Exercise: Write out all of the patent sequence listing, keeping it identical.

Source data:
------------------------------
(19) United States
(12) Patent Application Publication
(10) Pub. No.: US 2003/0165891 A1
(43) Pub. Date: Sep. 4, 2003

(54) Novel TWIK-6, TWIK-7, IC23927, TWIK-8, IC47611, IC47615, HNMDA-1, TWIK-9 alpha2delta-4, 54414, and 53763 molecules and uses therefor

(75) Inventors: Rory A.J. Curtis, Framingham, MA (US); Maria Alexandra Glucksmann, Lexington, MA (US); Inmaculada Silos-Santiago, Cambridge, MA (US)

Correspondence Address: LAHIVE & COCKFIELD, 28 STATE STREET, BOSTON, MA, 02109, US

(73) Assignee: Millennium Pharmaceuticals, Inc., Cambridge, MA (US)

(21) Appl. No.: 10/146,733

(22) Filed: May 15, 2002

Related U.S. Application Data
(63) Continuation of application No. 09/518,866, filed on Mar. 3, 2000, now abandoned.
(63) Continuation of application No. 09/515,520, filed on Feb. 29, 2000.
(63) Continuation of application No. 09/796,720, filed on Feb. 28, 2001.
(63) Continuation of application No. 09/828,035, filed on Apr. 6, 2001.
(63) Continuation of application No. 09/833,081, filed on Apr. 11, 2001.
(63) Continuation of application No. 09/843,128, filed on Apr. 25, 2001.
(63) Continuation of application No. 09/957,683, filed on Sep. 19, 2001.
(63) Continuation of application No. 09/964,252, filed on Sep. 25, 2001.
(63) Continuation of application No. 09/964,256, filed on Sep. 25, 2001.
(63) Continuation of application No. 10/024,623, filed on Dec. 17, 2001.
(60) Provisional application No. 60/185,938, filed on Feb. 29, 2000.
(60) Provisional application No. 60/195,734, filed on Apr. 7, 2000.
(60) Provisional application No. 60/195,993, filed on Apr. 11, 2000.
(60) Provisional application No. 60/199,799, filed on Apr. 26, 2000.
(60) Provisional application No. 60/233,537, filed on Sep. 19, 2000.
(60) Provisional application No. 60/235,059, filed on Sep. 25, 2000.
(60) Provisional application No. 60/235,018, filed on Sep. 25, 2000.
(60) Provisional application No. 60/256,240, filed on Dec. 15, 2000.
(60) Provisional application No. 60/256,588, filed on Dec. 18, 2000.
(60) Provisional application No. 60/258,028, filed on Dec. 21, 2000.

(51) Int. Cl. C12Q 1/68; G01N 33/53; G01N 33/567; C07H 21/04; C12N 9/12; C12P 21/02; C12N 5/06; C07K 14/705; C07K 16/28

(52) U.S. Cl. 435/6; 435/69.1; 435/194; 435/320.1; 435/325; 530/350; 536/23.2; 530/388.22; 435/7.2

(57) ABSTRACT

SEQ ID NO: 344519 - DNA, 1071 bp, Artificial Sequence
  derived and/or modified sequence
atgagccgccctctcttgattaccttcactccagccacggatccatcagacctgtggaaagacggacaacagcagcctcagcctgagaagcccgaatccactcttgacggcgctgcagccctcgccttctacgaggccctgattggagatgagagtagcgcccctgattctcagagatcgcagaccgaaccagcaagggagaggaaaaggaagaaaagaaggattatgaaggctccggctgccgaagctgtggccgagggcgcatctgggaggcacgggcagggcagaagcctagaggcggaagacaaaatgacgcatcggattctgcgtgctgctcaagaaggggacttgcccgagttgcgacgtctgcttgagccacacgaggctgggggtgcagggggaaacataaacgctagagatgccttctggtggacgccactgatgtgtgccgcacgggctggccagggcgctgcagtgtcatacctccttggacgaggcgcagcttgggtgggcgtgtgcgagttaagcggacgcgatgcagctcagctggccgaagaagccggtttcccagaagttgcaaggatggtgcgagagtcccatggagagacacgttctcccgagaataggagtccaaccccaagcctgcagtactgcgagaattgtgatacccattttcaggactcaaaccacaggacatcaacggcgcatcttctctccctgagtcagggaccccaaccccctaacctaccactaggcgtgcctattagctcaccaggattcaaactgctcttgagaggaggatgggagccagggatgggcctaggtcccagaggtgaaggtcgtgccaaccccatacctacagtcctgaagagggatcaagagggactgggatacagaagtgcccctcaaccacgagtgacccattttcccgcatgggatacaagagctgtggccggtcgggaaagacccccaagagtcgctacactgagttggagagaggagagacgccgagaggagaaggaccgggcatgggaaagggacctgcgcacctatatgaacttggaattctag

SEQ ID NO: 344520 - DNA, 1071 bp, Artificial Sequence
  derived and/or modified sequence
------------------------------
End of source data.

(19) United States
(12) Patent Application Publication
(10) Pub. No.: US 2003/0165891 A1
(43) Pub. Date: Sep. 4, 2003

(54) Novel TWIK-6, TWIK-7, IC23927, TWIK-8, IC47611, IC47615, HNMDA-1, TWIK-9 alpha2delta-4, 54414, and 53763 molecules and uses therefor

(75) Inventors: Rory A.J. Curtis, Framingham, MA (US); Maria Alexandra Glucksmann, Lexington, MA (US); Inmaculada Silos-Santiago, Cambridge, MA (US)

Correspondence Address: LAHIVE & COCKFIELD, 28 STATE STREET, BOSTON, MA, 02109, US

(73) Assignee: Millennium Pharmaceuticals, Inc., Cambridge, MA (US)

(21) Appl. No.: 10/146,733

(22) Filed: May 15, 2002

Related U.S. Application Data
(63) Continuation of application No. 09/518,866, filed on Mar. 3, 2000, now abandoned.
(63) Continuation of application No. 09/515,520, filed on Feb. 29, 2000.
(63) Continuation of application No. 09/796,720, filed on Feb. 28, 2001.
(63) Continuation of application No. 09/828,035, filed on Apr. 6, 2001.
(63) Continuation of application No. 09/833,081, filed on Apr. 11, 2001.
(63) Continuation of application No. 09/843,128, filed on Apr. 25, 2001.
(63) Continuation of application No. 09/957,683, filed on Sep. 19, 2001.
(63) Continuation of application No. 09/964,252, filed on Sep. 25, 2001.
(63) Continuation of application No. 09/964,256, filed on Sep. 25, 2001.
(63) Continuation of application No. 10/024,623, filed on Dec. 17, 2001.
(60) Provisional application No. 60/185,938, filed on Feb. 29, 2000.
(60) Provisional application No. 60/195,734, filed on Apr. 7, 2000.
(60) Provisional application No. 60/195,993, filed on Apr. 11, 2000.
(60) Provisional application No. 60/199,799, filed on Apr. 26, 2000.
(60) Provisional application No. 60/233,537, filed on Sep. 19, 2000.
(60) Provisional application No. 60/235,059, filed on Sep. 25, 2000.
(60) Provisional application No. 60/235,018, filed on Sep. 25, 2000.
(60) Provisional application No. 60/256,240, filed on Dec. 15, 2000.
(60) Provisional application No. 60/256,588, filed on Dec. 18, 2000.
(60) Provisional application No. 60/258,028, filed on Dec. 21, 2000.

(51) Int. Cl. C12Q 1/68; G01N 33/53; G01N 33/567; C07H 21/04; C12N 9/12; C12P 21/02; C12N 5/06; C07K 14/705; C07K 16/28

(52) U.S. Cl. 435/6; 435/69.1; 435/194; 435/320.1; 435/325; 530/350; 536/23.2; 530/388.22; 435/7.2

(57) ABSTRACT

SEQ ID NO: 344519 - DNA, 1071 bp, Artificial Sequence
  derived and/or modified sequence
atgagccgccctctcttgattaccttcactccagccacggatccatcagacctgtggaaagacggacaacagcagcctcagcctgagaagcccgaatccactcttgacggcgctgcagccctcgccttctacgaggccctgattggagatgagagtagcgcccctgattctcagagatcgcagaccgaaccagcaagggagaggaaaaggaagaaaagaaggattatgaaggctccggctgccgaagctgtggccgagggcgcatctgggaggcacgggcagggcagaagcctagaggcggaagacaaaatgacgcatcggattctgcgtgctgctcaagaaggggacttgcccgagttgcgacgtctgcttgagccacacgaggctgggggtgcagggggaaacataaacgctagagatgccttctggtggacgccactgatgtgtgccgcacgggctggccagggcgctgcagtgtcatacctccttggacgaggcgcagcttgggtgggcgtgtgcgagttaagcggacgcgatgcagctcagctggccgaagaagccggtttcccagaagttgcaaggatggtgcgagagtcccatggagagacacgttctcccgagaataggagtccaaccccaagcctgcagtactgcgagaattgtgatacccattttcaggactcaaaccacaggacatcaacggcgcatcttctctccctgagtcagggaccccaaccccctaacctaccactaggcgtgcctattagctcaccaggattcaaactgctcttgagaggaggatgggagccagggatgggcctaggtcccagaggtgaaggtcgtgccaaccccatacctacagtcctgaagagggatcaagagggactgggatacagaagtgcccctcaaccacgagtgacccattttcccgcatgggatacaagagctgtggccggtcgggaaagacccccaagagtcgctacactgagttggagagaggagagacgccgagaggagaaggaccgggcatgggaaagggacctgcgcacctatatgaacttggaattctag

SEQ ID NO: 344520 - DNA, 1071 bp, Artificial Sequence
  derived and/or modified sequence